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American Expedition Makes Important Archaeological Discovery in Palestine

(Jewish Daily Bulletin)

A cuneiform clay tablet of the Tel-el-Amarna period was unearthed by the archaeological expedition conducting excavations at Shechem, Palestine. The discovery was announced by Professor Ernst Sellin, director of the expedition, in a cablegram to Bishop H. M. Du Bose, the American sponsor of the expedition.

The date falls during the reign of Amen-Hotep IV of Egypt, near the end of the fifteenth century before the Christian era, or a century before the birth of Moses.

No tablet of the Tel-el-Amarna class has hitherto been found in Palestine, except the small cabinet of inscriptions discovered by Professor Sellin at Taanach in 1909. These represented a local Palestine correspondence, but it is believed by Bishop Du Bose that the reading of the Shechem tablet will show it to be of Egyptian-Syrian significance. If so, it will add to the already established pre-eminence of Shechem among ancient Palestine cities, in showing a fifteenth century entente between Egypt and the Amurru influence in Northern Syria, of which Shechem was the centre.

The Pharaohs of this period held much Palestine territory, but the Shechem uncovering shows no sign of foreign domination over it during the Canaanitish age. Also this tablet, Bishop Du Bose says, pushes back to within two centuries of the residence of Jacob at Shechem.

In addition to the tablet above referred to, Professor Sellin has informed Bishop Du Bose of the uncovering, in the lowest Canaanitish fundament, of a temple of El-Berith, of a date of 1800 to 2000 before the Christian era. It represents a modified monotheism, a twilight zone between polytheism and the worship of one God.

Bishop Du Bose accepts the discovery as a further substantiation of the theory of the prevalence of monotheism throughout the Amurru influence in the West Land, from the beginning of the third millennium before the Christian era backward. The effect of the establishment of this theory would be to upset the whole critical view of the Babylonian origin of the Genesis stories of creation, the Garden of Eden, the fall of man and the deluge.

Undeniable proof of the Biblical history of the ancient city of Schechem, the falling of the walls of Jericho, the existence of the well of Jacob and other Biblical facts are established by explorations in Palestine in which Bishop H. M. Du Bose, President of the three Tennessee annual conferences of the Methodist Episcopal Church, South, participated, the Bishop said upon his return from Palestine, according to an Associated Press despatch from Nashville, Tenn.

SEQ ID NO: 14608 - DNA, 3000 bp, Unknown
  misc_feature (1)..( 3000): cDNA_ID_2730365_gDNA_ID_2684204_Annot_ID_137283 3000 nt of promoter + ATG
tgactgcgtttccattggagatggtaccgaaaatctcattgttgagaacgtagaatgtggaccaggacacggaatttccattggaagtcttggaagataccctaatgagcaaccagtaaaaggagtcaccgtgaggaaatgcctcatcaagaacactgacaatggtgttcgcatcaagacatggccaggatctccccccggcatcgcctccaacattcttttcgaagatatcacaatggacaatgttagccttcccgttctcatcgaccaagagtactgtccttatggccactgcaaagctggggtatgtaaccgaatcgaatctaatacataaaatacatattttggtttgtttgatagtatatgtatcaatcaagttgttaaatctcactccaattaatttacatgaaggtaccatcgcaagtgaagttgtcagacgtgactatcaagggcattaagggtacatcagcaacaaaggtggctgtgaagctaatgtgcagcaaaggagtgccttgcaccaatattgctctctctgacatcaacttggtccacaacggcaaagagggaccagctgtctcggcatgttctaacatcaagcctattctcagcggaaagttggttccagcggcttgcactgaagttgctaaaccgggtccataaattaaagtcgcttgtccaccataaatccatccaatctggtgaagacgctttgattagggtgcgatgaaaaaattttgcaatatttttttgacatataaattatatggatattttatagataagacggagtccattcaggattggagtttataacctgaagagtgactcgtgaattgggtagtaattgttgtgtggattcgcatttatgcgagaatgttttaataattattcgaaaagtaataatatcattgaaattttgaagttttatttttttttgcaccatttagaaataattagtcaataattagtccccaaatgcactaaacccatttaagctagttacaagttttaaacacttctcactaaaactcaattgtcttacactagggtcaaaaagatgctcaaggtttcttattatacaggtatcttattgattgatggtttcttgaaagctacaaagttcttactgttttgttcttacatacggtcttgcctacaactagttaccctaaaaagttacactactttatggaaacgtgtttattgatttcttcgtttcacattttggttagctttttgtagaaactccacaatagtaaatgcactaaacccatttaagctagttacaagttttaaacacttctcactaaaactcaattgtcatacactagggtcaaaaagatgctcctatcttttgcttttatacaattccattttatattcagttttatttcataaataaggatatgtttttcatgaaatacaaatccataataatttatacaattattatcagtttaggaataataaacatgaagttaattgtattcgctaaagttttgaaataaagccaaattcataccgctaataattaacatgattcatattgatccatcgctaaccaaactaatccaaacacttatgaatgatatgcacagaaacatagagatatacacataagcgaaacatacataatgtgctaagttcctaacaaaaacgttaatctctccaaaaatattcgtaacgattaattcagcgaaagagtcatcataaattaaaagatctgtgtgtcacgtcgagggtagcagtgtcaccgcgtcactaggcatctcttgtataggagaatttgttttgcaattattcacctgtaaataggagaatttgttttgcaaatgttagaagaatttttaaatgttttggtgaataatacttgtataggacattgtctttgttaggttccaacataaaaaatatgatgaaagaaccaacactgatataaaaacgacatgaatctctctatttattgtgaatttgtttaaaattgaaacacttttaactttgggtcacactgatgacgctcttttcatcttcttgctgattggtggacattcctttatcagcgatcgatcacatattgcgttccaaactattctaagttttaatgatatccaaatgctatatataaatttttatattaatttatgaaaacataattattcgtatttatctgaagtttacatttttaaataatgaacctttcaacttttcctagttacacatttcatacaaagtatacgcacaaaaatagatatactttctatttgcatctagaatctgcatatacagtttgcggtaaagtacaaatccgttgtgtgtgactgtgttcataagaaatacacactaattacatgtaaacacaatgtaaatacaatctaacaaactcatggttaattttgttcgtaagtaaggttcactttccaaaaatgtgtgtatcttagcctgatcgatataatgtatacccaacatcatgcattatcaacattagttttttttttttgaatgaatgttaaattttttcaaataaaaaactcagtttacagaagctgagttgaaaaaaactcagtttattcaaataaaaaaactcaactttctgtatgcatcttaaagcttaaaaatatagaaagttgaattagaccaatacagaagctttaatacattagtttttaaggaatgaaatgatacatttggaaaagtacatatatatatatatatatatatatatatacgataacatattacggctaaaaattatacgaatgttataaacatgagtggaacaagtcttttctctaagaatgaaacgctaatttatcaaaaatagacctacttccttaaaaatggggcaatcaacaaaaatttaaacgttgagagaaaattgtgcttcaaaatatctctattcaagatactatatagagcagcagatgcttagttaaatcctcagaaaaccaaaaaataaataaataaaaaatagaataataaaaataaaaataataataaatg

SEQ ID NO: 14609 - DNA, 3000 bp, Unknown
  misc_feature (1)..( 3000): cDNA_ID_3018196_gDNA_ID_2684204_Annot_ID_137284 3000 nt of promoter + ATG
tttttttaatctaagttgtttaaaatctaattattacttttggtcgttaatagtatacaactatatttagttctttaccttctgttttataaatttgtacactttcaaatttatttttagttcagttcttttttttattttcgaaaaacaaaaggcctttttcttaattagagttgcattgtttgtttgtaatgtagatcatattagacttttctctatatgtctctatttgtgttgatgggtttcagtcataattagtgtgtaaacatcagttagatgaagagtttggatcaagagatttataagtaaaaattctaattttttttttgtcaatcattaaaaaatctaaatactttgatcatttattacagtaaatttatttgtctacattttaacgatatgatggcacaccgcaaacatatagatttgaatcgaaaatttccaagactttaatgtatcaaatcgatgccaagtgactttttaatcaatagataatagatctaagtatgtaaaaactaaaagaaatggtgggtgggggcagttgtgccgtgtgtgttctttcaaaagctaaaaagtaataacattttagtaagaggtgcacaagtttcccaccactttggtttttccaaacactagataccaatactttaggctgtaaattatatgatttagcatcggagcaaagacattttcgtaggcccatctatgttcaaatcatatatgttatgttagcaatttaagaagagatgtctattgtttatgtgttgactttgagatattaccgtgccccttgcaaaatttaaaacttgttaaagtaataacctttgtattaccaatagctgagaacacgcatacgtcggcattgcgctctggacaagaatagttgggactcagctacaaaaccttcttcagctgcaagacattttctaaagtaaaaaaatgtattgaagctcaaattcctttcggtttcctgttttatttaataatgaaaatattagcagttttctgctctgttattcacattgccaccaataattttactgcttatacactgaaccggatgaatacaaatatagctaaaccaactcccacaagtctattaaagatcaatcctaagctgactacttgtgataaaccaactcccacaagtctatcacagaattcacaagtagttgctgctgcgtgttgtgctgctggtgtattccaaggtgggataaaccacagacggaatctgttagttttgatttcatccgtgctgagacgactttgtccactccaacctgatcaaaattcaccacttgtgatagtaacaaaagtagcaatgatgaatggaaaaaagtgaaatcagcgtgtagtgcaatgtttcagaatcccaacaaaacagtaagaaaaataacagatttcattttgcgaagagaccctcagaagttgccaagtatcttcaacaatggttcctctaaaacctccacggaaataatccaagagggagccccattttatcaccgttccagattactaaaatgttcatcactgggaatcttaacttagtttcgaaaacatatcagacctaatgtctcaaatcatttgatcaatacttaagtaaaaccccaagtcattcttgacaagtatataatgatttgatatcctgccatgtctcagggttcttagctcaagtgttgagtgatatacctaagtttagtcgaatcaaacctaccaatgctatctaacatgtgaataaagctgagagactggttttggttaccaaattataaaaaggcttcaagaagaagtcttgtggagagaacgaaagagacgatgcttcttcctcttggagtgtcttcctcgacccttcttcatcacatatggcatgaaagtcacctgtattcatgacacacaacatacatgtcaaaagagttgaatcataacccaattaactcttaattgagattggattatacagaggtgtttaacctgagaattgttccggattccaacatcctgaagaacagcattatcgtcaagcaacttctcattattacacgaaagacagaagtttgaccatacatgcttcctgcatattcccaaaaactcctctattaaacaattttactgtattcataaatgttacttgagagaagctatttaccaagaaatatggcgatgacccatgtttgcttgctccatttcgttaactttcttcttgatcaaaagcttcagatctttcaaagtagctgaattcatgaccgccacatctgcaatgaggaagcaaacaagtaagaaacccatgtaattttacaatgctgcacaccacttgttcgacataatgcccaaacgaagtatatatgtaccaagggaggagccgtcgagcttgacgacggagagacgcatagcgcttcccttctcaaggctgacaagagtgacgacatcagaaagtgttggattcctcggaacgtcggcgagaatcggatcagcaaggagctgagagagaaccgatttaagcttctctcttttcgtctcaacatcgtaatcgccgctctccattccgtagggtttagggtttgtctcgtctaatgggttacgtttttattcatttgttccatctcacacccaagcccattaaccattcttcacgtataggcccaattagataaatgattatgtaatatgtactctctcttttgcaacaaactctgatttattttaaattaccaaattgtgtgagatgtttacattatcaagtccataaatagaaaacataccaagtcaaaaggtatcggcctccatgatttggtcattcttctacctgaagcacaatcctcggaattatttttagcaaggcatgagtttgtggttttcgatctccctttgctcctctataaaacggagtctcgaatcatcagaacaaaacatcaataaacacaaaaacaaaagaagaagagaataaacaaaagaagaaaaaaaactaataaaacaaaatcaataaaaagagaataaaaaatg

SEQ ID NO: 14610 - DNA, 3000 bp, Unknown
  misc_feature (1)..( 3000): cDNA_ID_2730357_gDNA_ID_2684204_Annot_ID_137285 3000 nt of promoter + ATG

Bishop Du Bose and a party of German College professors led an archaeological trip in recent excavations in Palestine and Egypt which were begun about the time of the outbreak of the World War and soon will be completed.

The ancient city of Shechem, said Bishop Du Bose, was definitely located with not a contradiction of the account of the forgotten city as it appears in the Bible. The archaeologists, he declared, identified the Well of Jacob, less than a half mile outside the gates of Shechem. Science established, he said, that the well was on the same geological level as the gates of the Tower of Shechem.

This indicates, said Bishop Du Bose, that the gates of the city were built and the well dug within the space of two or three hundred years of each other.

Proof was established, the Bishop claimed, of the historic City of Jacob. It was discovered, he declared, that the foundations of Shechem were 4,000 years old.

The rounded curb of the well where Jesus of Nazareth is recorded in the New Testament as having sat and talked with the woman of Samaria, is still intact.

The excavations were made to a depth of 38 feet. Traces of four ancient civilizations were unearthed–those of the Canaanites, the Israelites, the Greeks and the Samaritans.

The walls of the city of Shechem measured something like three miles in line.

The Bishop showed photographs of the unearthed ruins of the foundations of a colonnade palace within the walls of the city.

“This bears out the Bible,” he asserted. “Not a relic of any sort was discovered in the palace by the excavators. The Bible says that the sons of Jacob destroyed Shechem in the seventeenth century before the Christian era–that the palace was stripped bare–and the ruins were found as such.

The ancient walls of Jericho, which the Bible records fell upon the sounding of the ram’s horn by a priest in the time of Joshua, in the fourteenth century before the Christian era, actually fell, Bishop Du Bose declared. This he claimed was determined by the examination of pottery which fixed the age and the examination of fragments. Tablets fruitful of “wonderful results” were unearthed in Shechem.

The walls of the City of Shechem, which the archaeologists uncovered, contain larger stones than those in the pyramids of Egypt, he said, by actual measurements. All the streets of the ancient city were paved. There was a system of drainage, pictures of which he exhibited, which the Bishop declared were perfect and reflected a civilization equal to modern ideas.

There is no occasion for increasing the price of poultry for the Jewish holidays, according to Dr. Louis I. Harris, Health Commissioner. He said that normal shipments of healthy poultry were arriving. The department examined 510,000 live chickens arriving last week for the High Holidays and only sixty-four had to be condemned.

Commissioner Harris stated that as a result of telegraphic messages sent to dealers throughout the country the city was receiving healthy fowls and enough shipments to care for the holiday demand.

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